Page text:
The research field GPR uses high-frequency electromagnetic waves to image structures and to determine parameters of the subsurface. Targets are, e.g., groundwater and sediment systems, land mines or achaeological structures.
The research field GPR includes the advancement of GPR on the surface and in boreholes, as well as with additional laboratory studies. Issues from the fields of sedimentology, pedology, agriculture, detection of explosive ordnances and landmines, groundwater exploration as well as mass transfer in the unsaturated zone of the ground are explored. Hereby this research field also contributes to the topical research fields groundwater systems and terrestrial sediment systems. The overall goal is to better resolve 3D structures, e.g. to image sediment structures or small scale soil or aquifer heterogeneities. In the future, a greater focus shall be put on assessing dynamic processes like the ones that govern the transition zone between the groundwater table and unsaturated zone. The goal hereby is to derive hydraulic properties of the subsurface and thereby better understand and predict the nutrient and contaminant input in the groundwater as well as the gas exchange between the groundwater and the atmosphere. GPR very well complements with the remaining two geophysical methods in the section, e.g. by providing useful information on the subsurface structure for the inversion of geoelectrics and NMR data. The systematic study of high-frequency electromagnetic properties of soils serves to generate a broad database for electromagnetic simulations, as well as to describe the relationships between the electromagnetic properties and the pedological/hydraulic properties, e.g. to describe a soils water-retention and thereby improves the quantitative interpretation of GPR data.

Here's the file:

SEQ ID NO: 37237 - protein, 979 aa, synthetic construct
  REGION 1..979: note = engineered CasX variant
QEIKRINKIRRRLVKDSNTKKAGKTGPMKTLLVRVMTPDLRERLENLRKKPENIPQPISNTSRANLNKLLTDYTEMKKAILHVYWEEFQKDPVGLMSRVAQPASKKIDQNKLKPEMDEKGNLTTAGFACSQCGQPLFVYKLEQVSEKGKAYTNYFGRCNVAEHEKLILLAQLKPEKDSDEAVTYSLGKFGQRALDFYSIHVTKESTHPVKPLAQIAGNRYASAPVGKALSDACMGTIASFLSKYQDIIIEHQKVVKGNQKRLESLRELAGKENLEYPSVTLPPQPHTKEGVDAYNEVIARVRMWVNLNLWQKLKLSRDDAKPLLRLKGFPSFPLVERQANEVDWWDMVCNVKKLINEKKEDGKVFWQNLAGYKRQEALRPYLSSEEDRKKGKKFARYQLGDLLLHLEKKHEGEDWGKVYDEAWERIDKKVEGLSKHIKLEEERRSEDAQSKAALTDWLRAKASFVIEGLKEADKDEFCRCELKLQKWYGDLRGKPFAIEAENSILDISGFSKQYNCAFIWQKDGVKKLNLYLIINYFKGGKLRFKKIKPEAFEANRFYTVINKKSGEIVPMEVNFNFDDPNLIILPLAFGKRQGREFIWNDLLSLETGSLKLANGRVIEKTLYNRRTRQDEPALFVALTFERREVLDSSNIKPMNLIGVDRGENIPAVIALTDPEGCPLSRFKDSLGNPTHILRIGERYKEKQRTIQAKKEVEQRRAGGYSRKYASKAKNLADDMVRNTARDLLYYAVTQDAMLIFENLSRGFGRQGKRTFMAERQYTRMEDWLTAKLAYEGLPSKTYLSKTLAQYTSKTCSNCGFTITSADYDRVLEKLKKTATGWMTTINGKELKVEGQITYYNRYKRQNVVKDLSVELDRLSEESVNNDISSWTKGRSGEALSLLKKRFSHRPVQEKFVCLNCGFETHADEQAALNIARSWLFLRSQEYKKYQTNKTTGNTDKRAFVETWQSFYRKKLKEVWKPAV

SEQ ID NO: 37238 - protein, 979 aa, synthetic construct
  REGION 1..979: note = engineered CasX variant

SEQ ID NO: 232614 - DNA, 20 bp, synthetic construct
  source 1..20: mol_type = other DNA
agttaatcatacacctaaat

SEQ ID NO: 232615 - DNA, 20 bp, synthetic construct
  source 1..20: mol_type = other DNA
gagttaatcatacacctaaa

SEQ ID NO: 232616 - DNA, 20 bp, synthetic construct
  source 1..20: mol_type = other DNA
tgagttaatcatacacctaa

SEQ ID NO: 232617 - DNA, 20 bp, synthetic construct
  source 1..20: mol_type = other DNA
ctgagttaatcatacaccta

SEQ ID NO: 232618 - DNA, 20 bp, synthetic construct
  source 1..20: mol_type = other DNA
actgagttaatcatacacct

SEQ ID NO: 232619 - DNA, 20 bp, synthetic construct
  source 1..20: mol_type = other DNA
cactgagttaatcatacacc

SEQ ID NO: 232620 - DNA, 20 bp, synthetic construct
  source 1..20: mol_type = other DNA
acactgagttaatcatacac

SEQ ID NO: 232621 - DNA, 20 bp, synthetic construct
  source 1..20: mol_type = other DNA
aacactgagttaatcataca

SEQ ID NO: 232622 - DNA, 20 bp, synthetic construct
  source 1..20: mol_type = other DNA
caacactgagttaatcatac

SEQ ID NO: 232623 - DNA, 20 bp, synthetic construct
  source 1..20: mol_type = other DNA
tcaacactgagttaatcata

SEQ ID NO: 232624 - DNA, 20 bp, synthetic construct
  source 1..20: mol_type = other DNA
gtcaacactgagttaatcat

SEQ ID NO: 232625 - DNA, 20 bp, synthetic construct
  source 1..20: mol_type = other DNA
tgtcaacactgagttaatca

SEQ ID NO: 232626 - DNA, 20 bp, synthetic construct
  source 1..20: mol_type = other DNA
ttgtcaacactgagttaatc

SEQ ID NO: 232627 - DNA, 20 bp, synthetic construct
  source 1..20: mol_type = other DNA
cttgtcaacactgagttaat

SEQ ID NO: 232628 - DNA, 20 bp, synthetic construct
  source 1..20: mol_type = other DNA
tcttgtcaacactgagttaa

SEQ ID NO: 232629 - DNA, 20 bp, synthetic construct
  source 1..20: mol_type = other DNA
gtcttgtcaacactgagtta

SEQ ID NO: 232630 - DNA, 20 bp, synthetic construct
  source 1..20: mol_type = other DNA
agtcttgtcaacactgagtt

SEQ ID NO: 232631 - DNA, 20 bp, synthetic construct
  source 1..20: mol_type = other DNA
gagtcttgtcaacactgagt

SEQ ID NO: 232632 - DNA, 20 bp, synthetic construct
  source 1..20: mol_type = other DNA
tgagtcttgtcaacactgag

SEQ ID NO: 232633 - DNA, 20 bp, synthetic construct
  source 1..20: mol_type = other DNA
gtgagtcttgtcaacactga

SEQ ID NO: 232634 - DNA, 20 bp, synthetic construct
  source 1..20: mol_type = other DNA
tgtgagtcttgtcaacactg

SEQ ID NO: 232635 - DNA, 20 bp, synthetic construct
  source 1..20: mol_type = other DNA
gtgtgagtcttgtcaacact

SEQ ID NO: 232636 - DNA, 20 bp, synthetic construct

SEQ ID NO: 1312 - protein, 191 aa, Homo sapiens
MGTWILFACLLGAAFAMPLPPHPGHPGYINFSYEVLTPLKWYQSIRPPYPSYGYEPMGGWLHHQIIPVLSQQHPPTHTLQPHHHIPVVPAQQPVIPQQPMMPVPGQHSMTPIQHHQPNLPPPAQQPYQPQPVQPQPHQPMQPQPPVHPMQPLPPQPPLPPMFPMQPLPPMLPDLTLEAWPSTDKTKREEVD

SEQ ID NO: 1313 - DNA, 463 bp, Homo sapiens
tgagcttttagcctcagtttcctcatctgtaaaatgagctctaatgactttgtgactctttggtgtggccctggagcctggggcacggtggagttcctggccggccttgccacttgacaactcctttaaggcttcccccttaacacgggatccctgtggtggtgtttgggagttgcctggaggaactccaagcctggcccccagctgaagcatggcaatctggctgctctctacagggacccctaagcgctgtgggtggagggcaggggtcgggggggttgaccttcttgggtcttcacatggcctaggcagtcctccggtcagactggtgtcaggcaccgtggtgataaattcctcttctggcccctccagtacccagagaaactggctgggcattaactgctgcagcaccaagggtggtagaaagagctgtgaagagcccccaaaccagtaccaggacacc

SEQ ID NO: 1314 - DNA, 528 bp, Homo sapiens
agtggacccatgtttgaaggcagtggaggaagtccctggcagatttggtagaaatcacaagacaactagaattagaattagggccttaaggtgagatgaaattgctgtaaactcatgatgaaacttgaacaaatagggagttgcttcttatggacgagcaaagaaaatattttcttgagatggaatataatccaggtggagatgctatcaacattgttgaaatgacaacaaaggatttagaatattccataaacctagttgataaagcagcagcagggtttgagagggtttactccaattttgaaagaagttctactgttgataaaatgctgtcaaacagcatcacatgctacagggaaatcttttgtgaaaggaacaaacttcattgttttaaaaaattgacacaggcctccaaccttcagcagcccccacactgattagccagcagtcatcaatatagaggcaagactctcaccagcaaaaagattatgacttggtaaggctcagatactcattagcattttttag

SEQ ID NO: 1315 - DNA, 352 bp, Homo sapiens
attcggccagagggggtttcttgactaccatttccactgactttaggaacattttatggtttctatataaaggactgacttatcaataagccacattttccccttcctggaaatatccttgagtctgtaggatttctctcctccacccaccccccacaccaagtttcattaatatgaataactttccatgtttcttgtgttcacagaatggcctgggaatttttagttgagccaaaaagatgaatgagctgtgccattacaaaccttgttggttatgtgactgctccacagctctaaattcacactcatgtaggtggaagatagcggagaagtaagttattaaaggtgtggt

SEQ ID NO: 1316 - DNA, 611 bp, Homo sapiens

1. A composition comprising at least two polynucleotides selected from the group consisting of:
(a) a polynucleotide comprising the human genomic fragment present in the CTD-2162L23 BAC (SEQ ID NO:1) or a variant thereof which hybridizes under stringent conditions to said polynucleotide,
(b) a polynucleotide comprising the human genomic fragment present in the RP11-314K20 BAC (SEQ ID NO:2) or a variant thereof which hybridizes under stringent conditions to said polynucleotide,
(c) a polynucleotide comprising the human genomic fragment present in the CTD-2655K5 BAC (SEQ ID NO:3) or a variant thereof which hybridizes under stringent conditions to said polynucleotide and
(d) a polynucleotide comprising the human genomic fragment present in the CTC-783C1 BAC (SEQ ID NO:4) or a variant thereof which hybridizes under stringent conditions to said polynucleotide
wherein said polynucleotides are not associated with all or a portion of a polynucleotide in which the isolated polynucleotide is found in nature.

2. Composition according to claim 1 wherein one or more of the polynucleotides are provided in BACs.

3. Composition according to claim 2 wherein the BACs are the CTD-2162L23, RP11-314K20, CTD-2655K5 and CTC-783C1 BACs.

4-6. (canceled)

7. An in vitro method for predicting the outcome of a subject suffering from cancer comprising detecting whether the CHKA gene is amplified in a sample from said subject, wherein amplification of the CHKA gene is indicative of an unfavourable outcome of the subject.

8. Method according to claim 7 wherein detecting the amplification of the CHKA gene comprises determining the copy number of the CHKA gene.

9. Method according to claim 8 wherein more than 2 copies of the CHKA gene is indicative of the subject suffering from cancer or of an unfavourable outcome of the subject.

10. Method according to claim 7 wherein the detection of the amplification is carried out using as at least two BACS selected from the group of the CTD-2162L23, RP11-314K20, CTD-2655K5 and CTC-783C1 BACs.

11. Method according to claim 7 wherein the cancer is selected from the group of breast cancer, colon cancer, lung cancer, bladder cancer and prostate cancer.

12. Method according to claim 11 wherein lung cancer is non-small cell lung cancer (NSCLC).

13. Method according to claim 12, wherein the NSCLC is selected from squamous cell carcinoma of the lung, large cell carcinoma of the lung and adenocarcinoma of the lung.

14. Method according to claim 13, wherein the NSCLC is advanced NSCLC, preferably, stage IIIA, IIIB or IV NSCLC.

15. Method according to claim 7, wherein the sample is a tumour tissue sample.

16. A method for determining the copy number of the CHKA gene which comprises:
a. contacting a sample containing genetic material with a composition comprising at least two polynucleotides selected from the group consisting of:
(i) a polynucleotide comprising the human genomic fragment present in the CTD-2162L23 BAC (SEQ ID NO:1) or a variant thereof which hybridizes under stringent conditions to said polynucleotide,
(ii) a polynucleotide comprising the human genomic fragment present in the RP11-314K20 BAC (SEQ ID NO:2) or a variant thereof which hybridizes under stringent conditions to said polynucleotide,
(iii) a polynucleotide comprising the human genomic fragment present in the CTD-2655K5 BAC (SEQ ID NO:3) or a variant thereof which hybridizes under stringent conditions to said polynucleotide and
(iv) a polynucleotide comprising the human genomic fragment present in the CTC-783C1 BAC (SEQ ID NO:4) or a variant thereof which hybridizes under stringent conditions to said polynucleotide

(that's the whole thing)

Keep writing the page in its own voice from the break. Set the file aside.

Dr. Jan Igel
+49 511 643-2770